A travelling salesman in China has taken the idea of a portable home to the extreme after building himself a house he carries around on his
Playwright Lucy Kirkwood has been obsessed with a photograph. It’s one of the most famous images of the 20th century: the lone man with his shopping standing in front of tanks en route to Tiananmen Square – and it’s inspired her native
If you’ve traveled to China, you’ve likely encountered senior citizens flapping their arms early in the morning in public parks, or perhaps squatting, walking, singing or dancing in groups, twisting waists and wiggling hips and watching their own hands while performing repetitive movements. Most likely, these folks were engaging in their morning qigong.
Ranging from simple to quite complex, this popular mind-body exercise represents a uniquely Chinese method of uniting good intentions with specific results. Because it is more accessible and less challenging than practices like tai chi or yoga — and takes far less time to learn — it is growing in popularity among New Agers, the alternative medicine crowd and just about anyone whose mind is more open than their wallet when it comes to taking good care of themselves.
The word “qigong” (pronounced “chee gung”) is a composite of two Chinese characters, the first meaning energy (“qi”) and the second meaning work
When you bought your last Apple iPod, you may have been aware that it had been manufactured at a factory in China, perhaps the Foxconn plant in Shenzhen in the province of Guangzhou. (Let’s put aside for the moment the working conditions there.) You may have been aware too that in manufacturing your electronic marvel, the Shenzhen plant emitted roughly 25 pounds of the greenhouse gas carbon dioxide. It’s even possible that you were aware of the 9-10 pounds of CO2 emitted in transporting the device to you from China. (See Apple’s environmental report for the iPod classic [PDF].)
Here’s what you probably didn’t take into account: The coal that powered the Foxconn plant in the south of China likely was mined in the far northern province of Shanxi, transported by truck or rail to coal terminals on the coast (e.g., the port city of Tianjin), and from there shipped by freighter to Shenzhen in the far
Last Sunday, armed with nothing more than a webcam, a pushup bra, and two minutes fifty-two seconds of too much free time, UCLA student Alexandra Wallace committed professional suicide. She went on YouTube and posted a racist video attacking the “hordes of Asian people” in the library who bother her by using their cellphones to check on family members impacted by “the tsunami thing” while she’s trying to study.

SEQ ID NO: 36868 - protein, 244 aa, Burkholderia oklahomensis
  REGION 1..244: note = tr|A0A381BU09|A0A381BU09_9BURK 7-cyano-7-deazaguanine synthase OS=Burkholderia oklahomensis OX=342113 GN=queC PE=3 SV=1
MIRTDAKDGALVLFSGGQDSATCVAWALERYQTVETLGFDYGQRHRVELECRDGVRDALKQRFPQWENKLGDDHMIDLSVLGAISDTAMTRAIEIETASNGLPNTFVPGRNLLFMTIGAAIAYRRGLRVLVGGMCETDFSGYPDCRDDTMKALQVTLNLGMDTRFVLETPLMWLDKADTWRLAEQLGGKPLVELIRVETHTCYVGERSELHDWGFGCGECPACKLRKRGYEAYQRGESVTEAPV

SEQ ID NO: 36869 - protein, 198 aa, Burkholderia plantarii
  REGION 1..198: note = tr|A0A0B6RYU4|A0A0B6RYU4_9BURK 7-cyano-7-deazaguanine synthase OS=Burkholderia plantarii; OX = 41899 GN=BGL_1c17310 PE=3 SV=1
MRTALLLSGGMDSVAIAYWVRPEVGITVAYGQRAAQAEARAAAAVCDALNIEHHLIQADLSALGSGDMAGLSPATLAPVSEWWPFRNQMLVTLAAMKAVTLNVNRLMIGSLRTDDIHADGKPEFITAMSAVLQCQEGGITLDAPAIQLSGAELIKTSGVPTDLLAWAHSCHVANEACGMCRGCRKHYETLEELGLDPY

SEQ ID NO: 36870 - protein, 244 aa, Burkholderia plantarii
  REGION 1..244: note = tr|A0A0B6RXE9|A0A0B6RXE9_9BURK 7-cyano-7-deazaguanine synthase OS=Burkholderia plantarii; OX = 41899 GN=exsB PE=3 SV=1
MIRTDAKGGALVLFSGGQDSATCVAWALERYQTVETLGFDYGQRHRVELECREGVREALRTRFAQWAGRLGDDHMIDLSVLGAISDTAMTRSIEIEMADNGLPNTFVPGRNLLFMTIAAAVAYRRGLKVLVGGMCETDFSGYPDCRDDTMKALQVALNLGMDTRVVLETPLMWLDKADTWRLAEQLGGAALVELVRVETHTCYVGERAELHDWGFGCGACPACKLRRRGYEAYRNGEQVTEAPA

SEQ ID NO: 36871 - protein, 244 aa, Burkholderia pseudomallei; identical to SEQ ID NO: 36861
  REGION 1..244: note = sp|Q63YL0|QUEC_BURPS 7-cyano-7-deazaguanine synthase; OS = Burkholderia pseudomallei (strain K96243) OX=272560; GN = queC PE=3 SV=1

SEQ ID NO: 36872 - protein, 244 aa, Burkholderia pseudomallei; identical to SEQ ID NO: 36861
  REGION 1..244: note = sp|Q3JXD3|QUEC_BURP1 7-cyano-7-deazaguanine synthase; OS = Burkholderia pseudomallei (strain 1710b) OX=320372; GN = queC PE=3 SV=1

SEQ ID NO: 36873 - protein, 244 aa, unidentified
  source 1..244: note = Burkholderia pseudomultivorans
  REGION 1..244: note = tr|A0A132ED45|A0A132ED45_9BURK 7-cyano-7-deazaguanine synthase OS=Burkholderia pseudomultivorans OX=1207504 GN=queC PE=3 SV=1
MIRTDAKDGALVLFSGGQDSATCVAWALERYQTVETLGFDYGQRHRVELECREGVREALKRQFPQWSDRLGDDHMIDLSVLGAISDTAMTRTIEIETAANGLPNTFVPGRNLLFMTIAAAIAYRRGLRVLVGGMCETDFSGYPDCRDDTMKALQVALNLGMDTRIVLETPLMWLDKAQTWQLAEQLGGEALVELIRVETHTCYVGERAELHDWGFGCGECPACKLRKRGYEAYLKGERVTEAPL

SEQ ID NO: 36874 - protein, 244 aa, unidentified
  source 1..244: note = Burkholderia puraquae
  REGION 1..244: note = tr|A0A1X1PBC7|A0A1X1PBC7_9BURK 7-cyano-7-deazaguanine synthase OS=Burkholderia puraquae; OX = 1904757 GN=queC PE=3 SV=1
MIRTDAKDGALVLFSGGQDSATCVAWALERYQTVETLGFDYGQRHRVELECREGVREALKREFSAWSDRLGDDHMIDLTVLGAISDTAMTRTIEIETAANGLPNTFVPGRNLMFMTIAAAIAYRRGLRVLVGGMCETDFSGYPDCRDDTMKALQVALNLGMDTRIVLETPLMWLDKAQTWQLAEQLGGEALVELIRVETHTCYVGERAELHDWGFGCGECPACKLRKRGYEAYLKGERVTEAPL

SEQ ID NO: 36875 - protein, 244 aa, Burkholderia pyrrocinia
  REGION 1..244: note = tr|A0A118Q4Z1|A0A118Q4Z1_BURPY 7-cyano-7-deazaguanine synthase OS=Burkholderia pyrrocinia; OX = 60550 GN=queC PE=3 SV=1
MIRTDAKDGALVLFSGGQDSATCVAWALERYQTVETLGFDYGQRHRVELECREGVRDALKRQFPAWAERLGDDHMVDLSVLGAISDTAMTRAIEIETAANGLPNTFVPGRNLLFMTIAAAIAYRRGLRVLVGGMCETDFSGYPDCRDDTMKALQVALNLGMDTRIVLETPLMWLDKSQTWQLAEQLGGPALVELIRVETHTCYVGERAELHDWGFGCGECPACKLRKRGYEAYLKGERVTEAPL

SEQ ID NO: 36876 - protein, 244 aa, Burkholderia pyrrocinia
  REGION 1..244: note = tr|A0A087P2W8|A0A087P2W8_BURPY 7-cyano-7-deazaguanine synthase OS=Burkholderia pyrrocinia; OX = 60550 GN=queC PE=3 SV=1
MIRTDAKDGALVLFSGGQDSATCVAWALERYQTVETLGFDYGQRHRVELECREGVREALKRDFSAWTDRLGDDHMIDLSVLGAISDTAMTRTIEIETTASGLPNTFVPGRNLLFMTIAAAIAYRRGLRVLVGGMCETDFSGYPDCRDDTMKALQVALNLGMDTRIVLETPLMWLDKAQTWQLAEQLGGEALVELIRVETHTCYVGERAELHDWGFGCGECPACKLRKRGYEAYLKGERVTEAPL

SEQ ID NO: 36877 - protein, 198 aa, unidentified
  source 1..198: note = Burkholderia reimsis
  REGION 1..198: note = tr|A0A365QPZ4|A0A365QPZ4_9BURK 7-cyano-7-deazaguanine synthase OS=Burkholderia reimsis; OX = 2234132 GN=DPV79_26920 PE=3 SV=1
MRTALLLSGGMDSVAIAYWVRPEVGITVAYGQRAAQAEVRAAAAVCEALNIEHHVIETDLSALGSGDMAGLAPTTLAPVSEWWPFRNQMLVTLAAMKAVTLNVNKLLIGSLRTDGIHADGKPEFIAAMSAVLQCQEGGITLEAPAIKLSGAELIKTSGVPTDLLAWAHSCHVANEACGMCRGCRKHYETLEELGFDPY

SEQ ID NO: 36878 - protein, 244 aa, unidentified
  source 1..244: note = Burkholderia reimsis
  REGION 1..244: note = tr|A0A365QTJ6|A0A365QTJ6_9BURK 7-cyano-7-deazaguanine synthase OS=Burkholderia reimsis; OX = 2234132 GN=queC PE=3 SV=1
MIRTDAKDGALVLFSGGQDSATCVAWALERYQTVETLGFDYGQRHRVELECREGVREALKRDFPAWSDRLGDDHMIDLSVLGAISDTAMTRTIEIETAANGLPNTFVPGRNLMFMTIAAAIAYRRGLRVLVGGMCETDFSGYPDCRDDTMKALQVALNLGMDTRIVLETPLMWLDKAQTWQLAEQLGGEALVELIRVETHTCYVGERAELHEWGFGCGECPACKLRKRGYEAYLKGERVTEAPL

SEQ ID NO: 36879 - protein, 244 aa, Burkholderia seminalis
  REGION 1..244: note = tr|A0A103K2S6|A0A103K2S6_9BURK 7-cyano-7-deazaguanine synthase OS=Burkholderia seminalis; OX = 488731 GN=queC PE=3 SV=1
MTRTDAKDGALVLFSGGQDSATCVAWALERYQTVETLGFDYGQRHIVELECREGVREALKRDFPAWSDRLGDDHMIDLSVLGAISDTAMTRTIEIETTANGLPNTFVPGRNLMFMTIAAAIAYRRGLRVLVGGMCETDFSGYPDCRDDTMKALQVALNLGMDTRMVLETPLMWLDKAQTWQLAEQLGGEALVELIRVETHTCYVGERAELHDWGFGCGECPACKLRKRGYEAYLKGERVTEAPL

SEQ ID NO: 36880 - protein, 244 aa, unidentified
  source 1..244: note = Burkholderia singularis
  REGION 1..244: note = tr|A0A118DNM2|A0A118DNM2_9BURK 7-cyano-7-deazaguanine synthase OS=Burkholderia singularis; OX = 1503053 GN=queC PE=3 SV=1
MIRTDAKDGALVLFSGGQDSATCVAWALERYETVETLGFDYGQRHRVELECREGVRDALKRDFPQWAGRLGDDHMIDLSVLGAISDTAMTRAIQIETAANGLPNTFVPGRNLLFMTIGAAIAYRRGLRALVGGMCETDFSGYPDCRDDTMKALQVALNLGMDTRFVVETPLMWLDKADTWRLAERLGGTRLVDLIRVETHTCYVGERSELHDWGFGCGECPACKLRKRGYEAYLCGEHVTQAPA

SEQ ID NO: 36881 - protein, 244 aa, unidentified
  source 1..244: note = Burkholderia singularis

She quickly took down the video, but not before it had been reposted by others and gone viral. By now, it’s been seen by millions. UCLA Chancellor Gene Block condemned her statements in his own
When the Dalai Lama talks about his health, as he did with me one day less than two years ago, he often recounts with a giggle how physicians say his body is that of a much younger man.
Despite his 75 years, he’s had only minor bouts of ill health. One came in October 2008, when doctors in India operated on his gall bladder. Afterward, he delighted in telling listeners that he was less of a Dalai Lama than before: A monk without his gall bladder.
The Dalai Lama may be advanced in years, but he remains quick-witted.
Thursday’s announcement that the Dalai Lama plans to retire from political life is actually not a new sentiment. I heard him express it at a news conference in Tokyo just a month after his gallbladder surgery.
“I’m looking forward to complete retirement,” he
If you want to get to know your book, read it out loud. This is a simple lesson I learned recording the audio book of Big In China, My Unlikely Adventures Raising a Family, Playing the Blues and Becoming a Star in Beijing.
Shortly after my editor at HarperCollins accepted my manuscript for Big in China, I began bugging her to let me read the audio book. No one else could capture my inflections and my intentions in this first-person memoir, the very personal tale of my family’s adventures and experiences during three and half years living in
Americans at the pump are worried. They should be. As civil war looms in Libya, oil prices are up 19% in just three weeks, topping $105 a barrel. And even through there has been some easing today, that spells bad news not only for the American consumer, but also for our fragile economy and for our politicians trying to wrangle with the American Debt
We just saw a pretty good ‘official’ unemployment report for February, wherein for the first time since April 2009 the official unemployment rate dropped below 9.0% (to 8.9%). However, the real unemployment rate, which is the only rate that really matters, remains at 17.8%, including all categories of the 28.4 million out-of-work Americans. The all-important “jobs gap” that needs to be filled in order to be at full employment in real terms is a staggering 20.4 million, and the number of workers unemployed a half year or longer is at least 10 million. Each of these figures is unprecedented in modern
The World Trade Organization has a long history of anti-American actions. They’ve just handed us another one, and in the process handed a big freebie to Chinese state capitalism.
Unbeknownst to most Americans, huge sections of our nation’s trade policy aren’t set in this country anymore. They are set by panels of WTO judges in Switzerland, to whom we have signed over the right to rule on the legitimacy of our policies.
At issue in a WTO ruling handed down last Friday is how much scope the U.S. is entitled to in trying to level the playing field for American companies competing against companies subsidized under China’s system of state
“And she never had dreams, so they never came true”
-J. Giles Band
As a structured settlement consultant, I go to meditations and settlement conferences with people who anticipate receiving large sums of money. I ask every person the same question. “Forget about what is going on
This past Saturday, Premier Wen Jiabao delivered his 2011 “Report on the Work of the Government” to the 3,000 delegates gathered in Beijing for the National People’s Congress. The report, delivered annually, is comparable to U.S. President’s State of the Union Address, laying out the successes of the past year and the direction the government plans to take in the next year. But, as this is a year that the Congress will issue the next Five-Year Plan (the 12th), Wen’s report looks beyond 2011, down the road as far as 2015.
Parsing the “Report on the Work of the Government” is no easier than parsing the State of the Union